Outside of Virginia, there was little reason to notice that Creigh Deeds won the state's Democratic primary for governor. But here's something that political campaigns and marketers across the country should pay attention to: He did it partly with a technology called Google Blasting, an eleventh-hour strategy to blanket Google-affiliated webpages in an area with a single ad campaign to impact voters' final decision. This is now the second time in three months that a Democratic underdog has used Google blasts to seal a surprising victory. Goodbye robocalls, hello Google surges?

First, let's understand what happened with Creigh Deeds, who just a month ago was running a distant third in the VA primary. First the Washington Post endorsed him, creating a huge boost in northern Virginian support. But with most polls predicting a neck-in-neck race, even the outliers had Deeds in the low 40s. He ended up trouncing Terry McAuliffe and Brian Moran by more than 20 points, capturing 50% of the vote. How can we explain the incredible surge? Was it Google? The Washington Post lays out the argument:

Starting at 3 p.m EST Monday, hours before polls opened across Virginia, Deeds's campaign bought what's called a 'Google blast.' Or, more appropriately, a Google attack. If you live in Northern Virginia (or, like many voters, work in D.C. but live in NoVa), Deeds has been almost inescapable on highly-trafficked sites such as washingtonpost.com, the blog Talking Points Memo and Oxygen.com, which is popular among women. Capitalizing on his Post endorsement, he peppered those sites with banner ads reading 'The Washington Post endorsed one Democrat -- Creigh Deeds' until polls closed.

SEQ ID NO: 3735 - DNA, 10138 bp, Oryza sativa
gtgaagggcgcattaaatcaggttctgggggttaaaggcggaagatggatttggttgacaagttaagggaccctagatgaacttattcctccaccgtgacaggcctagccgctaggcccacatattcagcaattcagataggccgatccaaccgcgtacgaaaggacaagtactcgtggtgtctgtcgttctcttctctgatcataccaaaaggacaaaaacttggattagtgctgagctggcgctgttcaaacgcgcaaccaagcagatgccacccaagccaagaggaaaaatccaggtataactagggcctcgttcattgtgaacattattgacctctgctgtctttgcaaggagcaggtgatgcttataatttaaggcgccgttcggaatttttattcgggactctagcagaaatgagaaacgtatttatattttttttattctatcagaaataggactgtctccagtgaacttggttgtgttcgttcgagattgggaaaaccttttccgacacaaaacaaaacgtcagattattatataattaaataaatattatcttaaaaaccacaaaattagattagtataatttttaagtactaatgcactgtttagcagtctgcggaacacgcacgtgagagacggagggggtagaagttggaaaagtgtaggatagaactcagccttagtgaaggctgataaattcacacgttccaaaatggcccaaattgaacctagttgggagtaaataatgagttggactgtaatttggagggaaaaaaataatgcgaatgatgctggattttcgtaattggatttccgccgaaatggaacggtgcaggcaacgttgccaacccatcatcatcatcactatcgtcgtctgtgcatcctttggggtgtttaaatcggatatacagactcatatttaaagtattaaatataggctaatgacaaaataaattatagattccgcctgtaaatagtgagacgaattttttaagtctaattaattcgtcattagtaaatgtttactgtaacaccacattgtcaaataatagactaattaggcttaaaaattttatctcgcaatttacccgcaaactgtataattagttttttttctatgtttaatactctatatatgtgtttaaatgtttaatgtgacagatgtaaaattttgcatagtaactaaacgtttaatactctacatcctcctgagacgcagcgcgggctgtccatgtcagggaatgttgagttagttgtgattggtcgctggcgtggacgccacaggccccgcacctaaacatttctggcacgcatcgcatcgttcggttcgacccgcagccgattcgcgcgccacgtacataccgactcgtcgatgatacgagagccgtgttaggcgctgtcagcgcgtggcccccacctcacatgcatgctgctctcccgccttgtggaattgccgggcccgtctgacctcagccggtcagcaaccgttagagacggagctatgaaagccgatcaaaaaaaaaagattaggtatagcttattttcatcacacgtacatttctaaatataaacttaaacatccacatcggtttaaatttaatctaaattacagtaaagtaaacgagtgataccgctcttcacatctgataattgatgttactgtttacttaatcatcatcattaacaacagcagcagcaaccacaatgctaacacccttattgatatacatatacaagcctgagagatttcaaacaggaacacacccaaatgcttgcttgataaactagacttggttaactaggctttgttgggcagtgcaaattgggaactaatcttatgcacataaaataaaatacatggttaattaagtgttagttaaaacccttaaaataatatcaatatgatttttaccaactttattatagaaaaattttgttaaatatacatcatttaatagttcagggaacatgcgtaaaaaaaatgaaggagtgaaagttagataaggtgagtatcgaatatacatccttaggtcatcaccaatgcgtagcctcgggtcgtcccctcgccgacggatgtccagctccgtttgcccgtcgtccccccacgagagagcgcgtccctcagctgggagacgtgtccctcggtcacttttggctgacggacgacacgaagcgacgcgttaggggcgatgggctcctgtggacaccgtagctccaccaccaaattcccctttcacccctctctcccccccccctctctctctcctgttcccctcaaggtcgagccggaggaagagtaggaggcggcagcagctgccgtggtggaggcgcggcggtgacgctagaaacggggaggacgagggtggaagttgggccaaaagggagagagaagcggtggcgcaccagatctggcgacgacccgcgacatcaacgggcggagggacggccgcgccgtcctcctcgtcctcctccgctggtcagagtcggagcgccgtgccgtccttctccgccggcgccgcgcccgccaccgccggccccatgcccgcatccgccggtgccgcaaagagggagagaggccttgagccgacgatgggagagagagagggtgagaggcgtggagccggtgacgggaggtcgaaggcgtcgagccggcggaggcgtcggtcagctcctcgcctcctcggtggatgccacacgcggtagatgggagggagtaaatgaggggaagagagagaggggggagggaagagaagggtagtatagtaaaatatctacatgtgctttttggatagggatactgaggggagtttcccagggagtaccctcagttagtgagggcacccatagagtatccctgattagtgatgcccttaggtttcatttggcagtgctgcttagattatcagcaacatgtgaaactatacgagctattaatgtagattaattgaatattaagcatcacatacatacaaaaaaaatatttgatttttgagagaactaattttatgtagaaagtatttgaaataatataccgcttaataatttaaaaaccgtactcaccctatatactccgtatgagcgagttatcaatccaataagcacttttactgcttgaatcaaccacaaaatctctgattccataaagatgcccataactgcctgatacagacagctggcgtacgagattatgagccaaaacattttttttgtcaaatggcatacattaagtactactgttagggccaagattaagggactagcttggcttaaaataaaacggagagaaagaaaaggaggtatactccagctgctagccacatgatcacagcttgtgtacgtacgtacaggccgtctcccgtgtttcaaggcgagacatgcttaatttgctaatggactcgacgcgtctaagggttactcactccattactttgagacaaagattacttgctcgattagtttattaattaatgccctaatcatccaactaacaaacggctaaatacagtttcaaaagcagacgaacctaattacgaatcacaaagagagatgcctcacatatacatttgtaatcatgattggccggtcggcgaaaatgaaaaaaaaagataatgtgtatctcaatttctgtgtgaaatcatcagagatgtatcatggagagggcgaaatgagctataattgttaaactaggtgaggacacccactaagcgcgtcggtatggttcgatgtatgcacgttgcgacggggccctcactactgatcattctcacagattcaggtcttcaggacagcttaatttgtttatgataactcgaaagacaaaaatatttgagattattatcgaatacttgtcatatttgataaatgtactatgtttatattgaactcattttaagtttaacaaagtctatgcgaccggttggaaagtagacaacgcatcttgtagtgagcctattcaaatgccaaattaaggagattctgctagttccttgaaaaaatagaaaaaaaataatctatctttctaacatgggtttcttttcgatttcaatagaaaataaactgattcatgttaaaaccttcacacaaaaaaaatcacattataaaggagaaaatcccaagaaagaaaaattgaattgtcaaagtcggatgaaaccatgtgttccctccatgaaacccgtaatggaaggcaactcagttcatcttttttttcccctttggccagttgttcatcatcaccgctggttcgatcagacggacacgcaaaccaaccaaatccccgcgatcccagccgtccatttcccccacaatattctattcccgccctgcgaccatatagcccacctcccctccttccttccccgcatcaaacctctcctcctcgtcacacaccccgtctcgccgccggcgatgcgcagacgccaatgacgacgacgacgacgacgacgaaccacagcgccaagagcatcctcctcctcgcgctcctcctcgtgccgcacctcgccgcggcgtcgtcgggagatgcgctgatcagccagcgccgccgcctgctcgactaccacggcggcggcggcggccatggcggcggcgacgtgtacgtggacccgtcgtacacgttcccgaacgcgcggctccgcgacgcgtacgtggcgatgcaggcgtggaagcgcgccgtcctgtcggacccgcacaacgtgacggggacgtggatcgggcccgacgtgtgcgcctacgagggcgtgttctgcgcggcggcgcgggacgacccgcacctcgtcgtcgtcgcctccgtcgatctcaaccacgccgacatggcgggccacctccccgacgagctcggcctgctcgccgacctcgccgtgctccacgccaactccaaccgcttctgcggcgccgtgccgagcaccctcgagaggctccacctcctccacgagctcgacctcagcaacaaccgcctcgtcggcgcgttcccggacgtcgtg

As Taegan Goddard's Political Wire points out, the same strategy was used by Democrat Scott Murphy in his upset victory in the New York Congressional seat vacated by Hillary Clinton's replacement, Sen. Kirsten Gillibrand. In that election surprise, Murphy covered Google content network pages in the New York's 20th district with promotions, something operatives called a "Google Network Blast" or "Google Surge." Although most polls in the month leading up to his win had him behind, Murphy won the election by less than 1000 votes.

So how can this change elections going forward? I would wager that Google blasting works best in elections precisely like Virginia's Democratic primary for governor, when most potential voters had low barriers-to-persuasion and some might not even be aware of the significant differences between the candidates until a few days before the election. But maybe I'm overestimating the ability of voters to make up their minds early for major elections, too. I was consistently surprised to hear about the supposed legions of undecided voters in 2008 and anybody who has worked on a campaign knows operatives never underestimate the power of last-minute pushes in toss-up areas, like North Carolina and Missouri in 2008. An effective Google surge would like dispatching thousands of volunteers to paper entire districts with fliers, minus the eye-sore and littering. It's just one more reason to either fear Google or learn to appreciate its awesome power.

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